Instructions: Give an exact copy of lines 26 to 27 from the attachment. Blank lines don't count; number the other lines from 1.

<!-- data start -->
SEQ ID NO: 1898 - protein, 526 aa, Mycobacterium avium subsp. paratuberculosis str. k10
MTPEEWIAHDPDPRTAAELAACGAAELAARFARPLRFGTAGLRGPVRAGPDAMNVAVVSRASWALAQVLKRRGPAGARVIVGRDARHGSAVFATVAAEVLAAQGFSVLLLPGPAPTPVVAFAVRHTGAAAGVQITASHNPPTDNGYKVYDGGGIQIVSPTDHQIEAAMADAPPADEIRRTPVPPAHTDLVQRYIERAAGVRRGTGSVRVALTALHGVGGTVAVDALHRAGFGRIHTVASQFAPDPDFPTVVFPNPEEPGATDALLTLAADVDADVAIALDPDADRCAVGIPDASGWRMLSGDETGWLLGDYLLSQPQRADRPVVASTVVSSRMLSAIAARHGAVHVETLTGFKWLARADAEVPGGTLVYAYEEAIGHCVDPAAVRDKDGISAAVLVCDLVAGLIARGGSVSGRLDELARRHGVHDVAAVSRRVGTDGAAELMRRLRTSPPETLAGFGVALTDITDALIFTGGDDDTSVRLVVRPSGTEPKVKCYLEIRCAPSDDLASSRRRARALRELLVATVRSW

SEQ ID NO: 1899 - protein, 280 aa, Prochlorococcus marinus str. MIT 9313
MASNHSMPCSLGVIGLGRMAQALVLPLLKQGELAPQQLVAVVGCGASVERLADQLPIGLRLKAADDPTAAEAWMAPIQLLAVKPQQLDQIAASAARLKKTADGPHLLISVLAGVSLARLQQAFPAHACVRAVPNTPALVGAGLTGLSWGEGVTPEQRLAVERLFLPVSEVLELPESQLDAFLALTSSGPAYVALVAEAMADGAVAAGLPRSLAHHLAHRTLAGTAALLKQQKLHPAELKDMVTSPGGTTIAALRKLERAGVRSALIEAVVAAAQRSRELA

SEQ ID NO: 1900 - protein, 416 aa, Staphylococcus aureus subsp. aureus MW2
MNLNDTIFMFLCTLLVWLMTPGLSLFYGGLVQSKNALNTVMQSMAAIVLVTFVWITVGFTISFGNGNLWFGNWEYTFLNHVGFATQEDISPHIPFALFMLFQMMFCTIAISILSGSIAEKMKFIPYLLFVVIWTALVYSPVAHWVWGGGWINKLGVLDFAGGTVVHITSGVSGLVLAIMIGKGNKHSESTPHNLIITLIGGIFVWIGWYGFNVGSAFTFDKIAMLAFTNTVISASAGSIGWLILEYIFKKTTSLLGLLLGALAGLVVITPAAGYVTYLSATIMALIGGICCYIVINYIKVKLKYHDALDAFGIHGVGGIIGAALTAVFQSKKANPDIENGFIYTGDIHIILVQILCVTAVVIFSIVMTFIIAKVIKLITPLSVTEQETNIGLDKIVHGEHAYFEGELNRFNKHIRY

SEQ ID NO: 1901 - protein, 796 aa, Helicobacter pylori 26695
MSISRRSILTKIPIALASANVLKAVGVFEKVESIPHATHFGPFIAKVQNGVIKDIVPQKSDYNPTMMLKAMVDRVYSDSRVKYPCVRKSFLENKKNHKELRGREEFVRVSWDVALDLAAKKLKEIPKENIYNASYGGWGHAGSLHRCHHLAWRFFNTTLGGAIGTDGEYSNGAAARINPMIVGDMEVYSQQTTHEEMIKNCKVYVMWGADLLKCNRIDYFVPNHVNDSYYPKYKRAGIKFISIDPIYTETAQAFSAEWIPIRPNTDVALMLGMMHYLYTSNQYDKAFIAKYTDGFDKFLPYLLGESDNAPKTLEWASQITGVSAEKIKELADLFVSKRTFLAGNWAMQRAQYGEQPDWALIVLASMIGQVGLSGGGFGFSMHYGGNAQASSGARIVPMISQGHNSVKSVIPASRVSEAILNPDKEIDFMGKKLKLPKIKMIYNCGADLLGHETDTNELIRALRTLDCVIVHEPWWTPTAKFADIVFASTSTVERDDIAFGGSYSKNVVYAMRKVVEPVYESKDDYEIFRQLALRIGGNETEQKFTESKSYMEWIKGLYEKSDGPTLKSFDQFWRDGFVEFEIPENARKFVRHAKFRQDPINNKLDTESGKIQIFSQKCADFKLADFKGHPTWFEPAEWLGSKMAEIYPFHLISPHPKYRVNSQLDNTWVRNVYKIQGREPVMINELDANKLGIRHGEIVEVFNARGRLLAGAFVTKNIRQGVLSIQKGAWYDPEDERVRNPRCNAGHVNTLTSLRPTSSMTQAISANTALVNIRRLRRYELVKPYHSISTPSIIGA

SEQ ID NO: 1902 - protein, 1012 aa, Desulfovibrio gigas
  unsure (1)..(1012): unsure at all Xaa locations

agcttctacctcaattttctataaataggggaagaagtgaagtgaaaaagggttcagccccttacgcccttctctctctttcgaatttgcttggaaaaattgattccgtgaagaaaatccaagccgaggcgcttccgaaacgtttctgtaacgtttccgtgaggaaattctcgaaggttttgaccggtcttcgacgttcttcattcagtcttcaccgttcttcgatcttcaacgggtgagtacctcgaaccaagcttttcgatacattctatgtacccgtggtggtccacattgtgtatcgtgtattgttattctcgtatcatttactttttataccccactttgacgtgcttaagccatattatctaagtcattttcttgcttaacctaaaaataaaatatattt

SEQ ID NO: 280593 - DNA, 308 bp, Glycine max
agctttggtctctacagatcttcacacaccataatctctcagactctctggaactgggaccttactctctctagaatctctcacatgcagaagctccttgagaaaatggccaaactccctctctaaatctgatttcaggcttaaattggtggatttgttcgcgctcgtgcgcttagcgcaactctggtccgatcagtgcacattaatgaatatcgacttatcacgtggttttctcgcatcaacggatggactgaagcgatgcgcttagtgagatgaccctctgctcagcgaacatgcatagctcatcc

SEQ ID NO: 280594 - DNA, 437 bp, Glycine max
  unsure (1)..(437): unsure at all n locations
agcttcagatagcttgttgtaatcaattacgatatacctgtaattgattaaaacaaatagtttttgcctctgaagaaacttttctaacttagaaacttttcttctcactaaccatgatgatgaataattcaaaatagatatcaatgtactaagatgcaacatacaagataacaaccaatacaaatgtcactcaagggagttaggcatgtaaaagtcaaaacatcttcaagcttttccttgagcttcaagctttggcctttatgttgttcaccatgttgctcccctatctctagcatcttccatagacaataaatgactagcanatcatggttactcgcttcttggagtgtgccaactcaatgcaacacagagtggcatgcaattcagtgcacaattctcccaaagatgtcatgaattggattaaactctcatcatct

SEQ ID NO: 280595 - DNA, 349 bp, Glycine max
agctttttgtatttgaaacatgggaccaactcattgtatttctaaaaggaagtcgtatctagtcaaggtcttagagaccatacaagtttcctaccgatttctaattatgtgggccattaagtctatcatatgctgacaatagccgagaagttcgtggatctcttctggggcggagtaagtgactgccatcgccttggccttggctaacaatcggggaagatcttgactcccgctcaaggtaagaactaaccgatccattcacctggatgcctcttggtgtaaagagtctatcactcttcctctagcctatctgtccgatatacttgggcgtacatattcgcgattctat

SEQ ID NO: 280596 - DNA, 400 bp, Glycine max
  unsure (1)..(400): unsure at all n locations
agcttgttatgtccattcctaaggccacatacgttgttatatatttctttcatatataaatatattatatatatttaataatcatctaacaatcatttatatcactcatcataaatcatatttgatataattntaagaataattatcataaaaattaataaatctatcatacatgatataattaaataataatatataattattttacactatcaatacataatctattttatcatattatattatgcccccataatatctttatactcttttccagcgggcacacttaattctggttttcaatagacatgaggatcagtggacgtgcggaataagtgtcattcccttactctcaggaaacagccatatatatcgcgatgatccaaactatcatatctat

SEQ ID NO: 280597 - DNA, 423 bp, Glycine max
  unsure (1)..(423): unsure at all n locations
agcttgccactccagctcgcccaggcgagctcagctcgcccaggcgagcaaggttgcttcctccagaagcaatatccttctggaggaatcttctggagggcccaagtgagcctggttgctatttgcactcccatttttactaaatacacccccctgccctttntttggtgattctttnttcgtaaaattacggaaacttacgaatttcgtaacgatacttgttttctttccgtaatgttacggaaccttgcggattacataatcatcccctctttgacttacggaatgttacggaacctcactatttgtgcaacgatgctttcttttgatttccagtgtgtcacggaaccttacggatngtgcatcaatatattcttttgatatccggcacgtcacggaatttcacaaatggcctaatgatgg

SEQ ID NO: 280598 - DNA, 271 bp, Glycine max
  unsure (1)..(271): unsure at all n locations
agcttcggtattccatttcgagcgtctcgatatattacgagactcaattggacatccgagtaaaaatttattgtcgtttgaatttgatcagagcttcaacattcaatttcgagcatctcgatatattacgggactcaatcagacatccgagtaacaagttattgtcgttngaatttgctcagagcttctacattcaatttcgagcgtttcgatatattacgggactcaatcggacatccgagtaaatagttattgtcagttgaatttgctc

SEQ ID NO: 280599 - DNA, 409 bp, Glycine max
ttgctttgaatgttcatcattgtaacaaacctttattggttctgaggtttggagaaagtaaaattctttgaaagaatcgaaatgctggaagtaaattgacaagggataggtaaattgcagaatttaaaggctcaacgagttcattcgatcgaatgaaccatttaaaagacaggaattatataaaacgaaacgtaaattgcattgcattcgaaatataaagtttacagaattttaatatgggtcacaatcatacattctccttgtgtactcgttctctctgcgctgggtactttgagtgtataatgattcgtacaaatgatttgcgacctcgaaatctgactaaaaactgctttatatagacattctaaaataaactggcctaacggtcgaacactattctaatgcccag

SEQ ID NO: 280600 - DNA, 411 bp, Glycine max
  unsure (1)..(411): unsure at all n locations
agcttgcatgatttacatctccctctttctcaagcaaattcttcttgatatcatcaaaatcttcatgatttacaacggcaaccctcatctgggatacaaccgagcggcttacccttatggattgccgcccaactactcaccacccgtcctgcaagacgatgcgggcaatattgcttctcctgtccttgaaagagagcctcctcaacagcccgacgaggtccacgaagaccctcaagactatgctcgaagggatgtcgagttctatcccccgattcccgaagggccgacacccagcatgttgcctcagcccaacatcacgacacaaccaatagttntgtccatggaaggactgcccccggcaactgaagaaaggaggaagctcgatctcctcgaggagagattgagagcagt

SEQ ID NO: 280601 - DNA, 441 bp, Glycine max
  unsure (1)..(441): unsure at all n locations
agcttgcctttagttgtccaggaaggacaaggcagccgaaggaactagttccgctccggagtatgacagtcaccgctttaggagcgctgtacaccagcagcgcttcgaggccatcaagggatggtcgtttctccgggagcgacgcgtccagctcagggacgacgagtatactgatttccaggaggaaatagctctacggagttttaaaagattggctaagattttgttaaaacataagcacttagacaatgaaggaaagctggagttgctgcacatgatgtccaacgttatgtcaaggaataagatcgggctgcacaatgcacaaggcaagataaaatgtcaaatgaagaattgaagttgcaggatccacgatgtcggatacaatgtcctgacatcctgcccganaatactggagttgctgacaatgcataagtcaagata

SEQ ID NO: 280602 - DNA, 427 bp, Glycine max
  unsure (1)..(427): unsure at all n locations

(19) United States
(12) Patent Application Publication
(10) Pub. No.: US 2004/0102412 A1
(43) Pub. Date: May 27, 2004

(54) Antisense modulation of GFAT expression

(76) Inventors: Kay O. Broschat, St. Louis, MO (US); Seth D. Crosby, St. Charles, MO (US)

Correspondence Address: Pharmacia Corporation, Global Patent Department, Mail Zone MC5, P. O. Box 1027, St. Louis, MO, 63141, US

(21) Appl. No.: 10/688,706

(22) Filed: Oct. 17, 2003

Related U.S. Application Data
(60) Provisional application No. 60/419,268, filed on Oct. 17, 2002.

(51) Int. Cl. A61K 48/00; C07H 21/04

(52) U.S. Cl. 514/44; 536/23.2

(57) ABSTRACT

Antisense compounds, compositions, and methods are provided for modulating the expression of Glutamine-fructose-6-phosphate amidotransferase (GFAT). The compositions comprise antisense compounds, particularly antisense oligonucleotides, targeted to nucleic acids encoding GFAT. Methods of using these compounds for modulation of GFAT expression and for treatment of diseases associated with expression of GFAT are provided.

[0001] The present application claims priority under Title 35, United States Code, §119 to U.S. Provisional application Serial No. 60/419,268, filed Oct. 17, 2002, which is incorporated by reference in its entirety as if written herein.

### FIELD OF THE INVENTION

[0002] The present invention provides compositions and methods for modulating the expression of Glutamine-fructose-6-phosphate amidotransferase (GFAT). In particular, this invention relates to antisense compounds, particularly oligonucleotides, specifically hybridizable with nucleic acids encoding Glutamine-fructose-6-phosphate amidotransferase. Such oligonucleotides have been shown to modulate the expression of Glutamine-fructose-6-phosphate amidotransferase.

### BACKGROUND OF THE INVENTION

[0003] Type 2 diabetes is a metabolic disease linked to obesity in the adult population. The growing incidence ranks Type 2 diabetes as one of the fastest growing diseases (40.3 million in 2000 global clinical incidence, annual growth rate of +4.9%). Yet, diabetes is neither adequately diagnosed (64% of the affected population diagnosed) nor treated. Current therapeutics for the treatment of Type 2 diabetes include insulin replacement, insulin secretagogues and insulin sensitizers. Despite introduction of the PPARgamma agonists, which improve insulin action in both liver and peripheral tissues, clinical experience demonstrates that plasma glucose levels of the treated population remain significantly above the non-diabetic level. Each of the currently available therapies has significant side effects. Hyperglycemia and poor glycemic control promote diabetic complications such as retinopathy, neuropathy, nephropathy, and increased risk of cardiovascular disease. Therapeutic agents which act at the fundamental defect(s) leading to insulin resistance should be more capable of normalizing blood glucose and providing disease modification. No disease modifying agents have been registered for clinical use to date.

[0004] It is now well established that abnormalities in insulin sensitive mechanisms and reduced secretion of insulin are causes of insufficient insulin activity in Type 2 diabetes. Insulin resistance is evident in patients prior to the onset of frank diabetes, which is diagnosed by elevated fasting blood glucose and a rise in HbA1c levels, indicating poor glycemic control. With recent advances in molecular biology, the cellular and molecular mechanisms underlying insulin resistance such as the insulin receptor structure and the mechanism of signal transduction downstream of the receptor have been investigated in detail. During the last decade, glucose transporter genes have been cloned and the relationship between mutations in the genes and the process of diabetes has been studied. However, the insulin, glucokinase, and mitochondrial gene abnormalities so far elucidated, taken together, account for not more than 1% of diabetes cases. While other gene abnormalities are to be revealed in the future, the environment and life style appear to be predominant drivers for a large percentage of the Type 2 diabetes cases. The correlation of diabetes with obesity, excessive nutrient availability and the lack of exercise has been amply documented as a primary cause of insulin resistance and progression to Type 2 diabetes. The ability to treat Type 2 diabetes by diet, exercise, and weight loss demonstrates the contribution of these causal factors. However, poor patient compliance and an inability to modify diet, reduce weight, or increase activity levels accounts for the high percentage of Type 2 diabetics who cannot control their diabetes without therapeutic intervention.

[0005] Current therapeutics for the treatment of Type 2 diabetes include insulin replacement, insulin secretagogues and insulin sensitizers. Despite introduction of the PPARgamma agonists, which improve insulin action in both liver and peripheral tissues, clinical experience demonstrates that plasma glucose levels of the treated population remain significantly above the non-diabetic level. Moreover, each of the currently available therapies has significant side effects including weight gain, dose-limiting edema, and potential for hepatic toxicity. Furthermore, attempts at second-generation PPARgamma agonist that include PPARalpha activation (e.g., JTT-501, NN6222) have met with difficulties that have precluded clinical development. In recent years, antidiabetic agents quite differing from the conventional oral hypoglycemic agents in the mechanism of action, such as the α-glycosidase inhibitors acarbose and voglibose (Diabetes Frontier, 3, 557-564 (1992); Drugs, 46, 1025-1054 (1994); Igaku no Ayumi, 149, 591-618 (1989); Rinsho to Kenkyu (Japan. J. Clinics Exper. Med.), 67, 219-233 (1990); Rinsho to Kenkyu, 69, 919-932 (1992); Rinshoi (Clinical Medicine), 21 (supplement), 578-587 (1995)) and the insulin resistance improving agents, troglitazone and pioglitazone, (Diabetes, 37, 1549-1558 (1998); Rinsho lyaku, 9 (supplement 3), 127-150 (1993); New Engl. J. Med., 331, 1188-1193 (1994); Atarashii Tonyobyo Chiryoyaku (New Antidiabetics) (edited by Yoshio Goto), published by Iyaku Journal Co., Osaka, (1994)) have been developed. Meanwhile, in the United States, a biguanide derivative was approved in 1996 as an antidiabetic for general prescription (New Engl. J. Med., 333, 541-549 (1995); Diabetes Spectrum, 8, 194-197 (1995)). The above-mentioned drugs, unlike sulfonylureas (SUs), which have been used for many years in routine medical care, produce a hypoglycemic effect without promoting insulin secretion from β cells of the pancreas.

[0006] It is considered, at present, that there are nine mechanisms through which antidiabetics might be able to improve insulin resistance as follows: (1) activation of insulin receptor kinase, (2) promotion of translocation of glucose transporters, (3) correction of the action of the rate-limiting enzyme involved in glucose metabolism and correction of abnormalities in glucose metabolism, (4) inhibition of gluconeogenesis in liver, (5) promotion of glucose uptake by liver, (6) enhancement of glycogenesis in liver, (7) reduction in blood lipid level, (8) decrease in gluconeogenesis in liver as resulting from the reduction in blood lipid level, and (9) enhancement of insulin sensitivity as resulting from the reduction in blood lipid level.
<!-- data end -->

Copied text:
  unsure (1)..(271): unsure at all n locations
agcttcggtattccatttcgagcgtctcgatatattacgagactcaattggacatccgagtaaaaatttattgtcgtttgaatttgatcagagcttcaacattcaatttcgagcatctcgatatattacgggactcaatcagacatccgagtaacaagttattgtcgttngaatttgctcagagcttctacattcaatttcgagcgtttcgatatattacgggactcaatcggacatccgagtaaatagttattgtcagttgaatttgctc